Pneumonia: we must protect people in marginalised groups

Arunima Himawan

Arunima Himawan

January 16th, 2023

Arunima Himawan

‘Pneumococcal disease kills 1.6 million annually across the globe but tackling inequalities in adult vaccine uptake can reduce its toll, writes Arunima Himawan ’

Pneumococcal vaccination, which can prevent certain, especially severe, types of pneumonia, is recommended for older adults and people in at-risk groups in many countries. Yet, especially in the most deprived groups, uptake remains low, leading to deepening health inequalities.

With immunisation against Covid-19 taking centre stage, it is vital that the preventative vaccines used to protect people from diseases like pneumonia and to ensure longer, healthier lives, are not forgotten.

Indeed, we know that across many countries, coverage is low. Part of the issue is lack of awareness, with studies suggesting that across Europe, less than a third of adults are aware that it’s possible to be vaccinated against pneumonia. But we also know, as is the case with other routine immunisations, that those not protected are often those most in need of it.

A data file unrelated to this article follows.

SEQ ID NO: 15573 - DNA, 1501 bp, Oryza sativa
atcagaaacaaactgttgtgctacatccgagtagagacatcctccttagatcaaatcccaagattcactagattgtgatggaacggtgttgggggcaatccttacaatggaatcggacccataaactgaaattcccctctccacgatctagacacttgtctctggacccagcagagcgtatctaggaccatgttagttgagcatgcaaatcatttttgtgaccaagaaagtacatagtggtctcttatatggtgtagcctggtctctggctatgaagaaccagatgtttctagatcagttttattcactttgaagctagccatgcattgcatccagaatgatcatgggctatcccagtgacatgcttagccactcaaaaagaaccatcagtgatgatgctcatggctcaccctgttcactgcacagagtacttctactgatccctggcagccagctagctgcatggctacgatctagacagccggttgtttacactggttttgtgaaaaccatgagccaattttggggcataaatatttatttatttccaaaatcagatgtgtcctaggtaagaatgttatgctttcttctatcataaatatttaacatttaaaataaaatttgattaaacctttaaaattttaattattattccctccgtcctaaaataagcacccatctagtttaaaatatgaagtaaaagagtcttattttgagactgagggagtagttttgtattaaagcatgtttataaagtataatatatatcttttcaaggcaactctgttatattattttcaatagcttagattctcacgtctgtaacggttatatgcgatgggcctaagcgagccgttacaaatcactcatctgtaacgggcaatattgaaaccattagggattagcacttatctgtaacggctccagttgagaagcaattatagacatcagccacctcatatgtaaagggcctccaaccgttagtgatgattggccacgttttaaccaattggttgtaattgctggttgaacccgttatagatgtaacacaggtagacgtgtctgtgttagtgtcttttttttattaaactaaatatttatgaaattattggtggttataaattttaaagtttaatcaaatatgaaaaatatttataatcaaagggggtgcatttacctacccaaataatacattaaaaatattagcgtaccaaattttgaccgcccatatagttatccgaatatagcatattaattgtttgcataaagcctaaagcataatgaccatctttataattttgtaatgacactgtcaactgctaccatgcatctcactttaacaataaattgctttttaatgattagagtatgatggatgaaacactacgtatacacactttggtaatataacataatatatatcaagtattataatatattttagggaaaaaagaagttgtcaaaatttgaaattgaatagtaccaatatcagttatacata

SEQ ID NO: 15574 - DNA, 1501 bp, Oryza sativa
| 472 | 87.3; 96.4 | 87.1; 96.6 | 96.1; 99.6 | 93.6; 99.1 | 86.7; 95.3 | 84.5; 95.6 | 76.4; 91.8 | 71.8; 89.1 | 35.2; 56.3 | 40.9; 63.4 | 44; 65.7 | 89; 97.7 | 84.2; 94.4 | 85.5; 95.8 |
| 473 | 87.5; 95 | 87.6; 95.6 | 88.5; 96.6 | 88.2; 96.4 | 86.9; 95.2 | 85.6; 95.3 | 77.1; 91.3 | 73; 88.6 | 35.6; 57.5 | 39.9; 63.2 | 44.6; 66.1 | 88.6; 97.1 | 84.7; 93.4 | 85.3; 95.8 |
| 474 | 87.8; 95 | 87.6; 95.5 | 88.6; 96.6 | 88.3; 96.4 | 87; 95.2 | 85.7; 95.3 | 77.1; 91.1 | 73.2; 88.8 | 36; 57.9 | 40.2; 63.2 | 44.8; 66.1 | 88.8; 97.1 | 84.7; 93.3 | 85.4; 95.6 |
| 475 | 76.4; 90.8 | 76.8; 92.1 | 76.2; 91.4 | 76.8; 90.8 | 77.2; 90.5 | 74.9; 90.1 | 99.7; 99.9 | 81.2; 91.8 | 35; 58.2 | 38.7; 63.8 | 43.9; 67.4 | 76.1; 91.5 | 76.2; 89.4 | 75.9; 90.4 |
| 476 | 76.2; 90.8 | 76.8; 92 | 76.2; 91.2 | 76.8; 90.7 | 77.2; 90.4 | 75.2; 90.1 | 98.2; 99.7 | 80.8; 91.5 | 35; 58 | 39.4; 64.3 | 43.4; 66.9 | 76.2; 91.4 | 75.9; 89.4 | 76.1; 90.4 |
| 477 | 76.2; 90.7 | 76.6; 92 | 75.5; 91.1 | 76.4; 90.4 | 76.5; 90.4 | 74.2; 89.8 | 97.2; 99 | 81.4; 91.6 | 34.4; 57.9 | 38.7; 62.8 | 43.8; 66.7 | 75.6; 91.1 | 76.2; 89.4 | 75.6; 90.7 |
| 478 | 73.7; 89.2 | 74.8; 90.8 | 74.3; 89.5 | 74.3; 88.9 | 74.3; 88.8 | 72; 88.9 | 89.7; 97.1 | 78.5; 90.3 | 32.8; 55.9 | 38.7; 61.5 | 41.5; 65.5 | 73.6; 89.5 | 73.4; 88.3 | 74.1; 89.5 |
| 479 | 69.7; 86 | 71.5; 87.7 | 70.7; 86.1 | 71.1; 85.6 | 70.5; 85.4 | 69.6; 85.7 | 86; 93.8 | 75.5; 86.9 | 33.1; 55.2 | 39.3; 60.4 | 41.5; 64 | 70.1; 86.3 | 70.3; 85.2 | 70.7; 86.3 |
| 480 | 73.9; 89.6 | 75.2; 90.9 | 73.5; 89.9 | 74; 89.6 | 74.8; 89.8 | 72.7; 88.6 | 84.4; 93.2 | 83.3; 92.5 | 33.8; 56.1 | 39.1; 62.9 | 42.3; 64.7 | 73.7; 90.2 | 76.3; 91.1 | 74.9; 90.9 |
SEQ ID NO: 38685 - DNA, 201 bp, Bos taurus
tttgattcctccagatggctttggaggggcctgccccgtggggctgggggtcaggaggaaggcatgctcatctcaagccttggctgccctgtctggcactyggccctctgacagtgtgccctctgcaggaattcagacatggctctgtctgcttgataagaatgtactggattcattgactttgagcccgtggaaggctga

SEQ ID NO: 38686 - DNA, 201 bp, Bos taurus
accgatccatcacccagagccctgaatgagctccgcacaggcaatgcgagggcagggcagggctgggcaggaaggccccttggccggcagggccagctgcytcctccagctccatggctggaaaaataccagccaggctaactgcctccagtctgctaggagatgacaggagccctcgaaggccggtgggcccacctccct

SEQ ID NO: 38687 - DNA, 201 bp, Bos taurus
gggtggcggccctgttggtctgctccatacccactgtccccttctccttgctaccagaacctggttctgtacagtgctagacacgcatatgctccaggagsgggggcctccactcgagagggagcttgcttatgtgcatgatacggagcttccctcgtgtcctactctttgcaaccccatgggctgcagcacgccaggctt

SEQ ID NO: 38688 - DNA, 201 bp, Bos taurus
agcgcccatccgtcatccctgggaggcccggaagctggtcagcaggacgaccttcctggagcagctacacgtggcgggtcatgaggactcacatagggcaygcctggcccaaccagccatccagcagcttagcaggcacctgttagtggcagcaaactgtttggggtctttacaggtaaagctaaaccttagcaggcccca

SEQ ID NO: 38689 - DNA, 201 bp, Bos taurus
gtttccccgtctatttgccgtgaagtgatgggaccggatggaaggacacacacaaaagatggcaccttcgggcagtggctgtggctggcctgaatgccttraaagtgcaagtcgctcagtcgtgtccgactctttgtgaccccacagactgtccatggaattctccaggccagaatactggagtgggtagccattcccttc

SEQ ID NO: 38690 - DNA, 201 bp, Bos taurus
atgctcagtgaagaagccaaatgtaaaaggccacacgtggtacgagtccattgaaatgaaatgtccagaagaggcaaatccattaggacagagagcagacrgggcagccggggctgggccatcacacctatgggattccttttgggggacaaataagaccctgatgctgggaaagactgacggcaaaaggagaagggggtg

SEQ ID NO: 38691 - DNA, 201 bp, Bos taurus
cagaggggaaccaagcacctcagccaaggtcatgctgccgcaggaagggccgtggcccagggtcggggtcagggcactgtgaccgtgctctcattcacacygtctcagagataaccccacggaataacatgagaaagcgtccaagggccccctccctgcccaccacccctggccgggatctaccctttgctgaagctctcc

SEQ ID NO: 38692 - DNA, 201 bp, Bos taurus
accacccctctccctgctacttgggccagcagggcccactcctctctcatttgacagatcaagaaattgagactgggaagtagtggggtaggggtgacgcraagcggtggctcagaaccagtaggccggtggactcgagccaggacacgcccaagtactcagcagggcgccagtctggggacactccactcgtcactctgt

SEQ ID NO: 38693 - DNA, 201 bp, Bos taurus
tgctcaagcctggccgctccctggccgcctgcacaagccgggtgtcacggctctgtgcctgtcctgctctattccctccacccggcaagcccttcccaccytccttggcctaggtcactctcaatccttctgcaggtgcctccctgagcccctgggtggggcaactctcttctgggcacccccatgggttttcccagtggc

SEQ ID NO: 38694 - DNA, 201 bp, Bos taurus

In truth, very little has been published on social inequalities in adult pneumococcal vaccination uptake, and even less on what’s being done to tackle them. A new global report published by the International Longevity Centre UK, the UK’s leading think tank on ageing and demographic change, aimed to fill this gap.

ILC conducted 34 stakeholder interviews with experts from Australia, Canada, Germany, Japan, the Netherlands, Spain, the UK and the US. The stakeholders interviewed included healthcare professionals (HCPs) and experts in healthcare and public health delivery, adult pneumococcal vaccination, and health inequalities.

x-ray photos of lungs

What we found

Which groups are at risk of poor uptake?
Across these eight countries, interventions to improve inequities in uptake should be targeted at the following groups: ethnic minorities (including migrant groups), indigenous populations, individuals living in areas with poor healthcare infrastructure, those with low incomes, or conservative political attitudes, and undocumented and homeless people.

In some countries, the inequalities are staggering: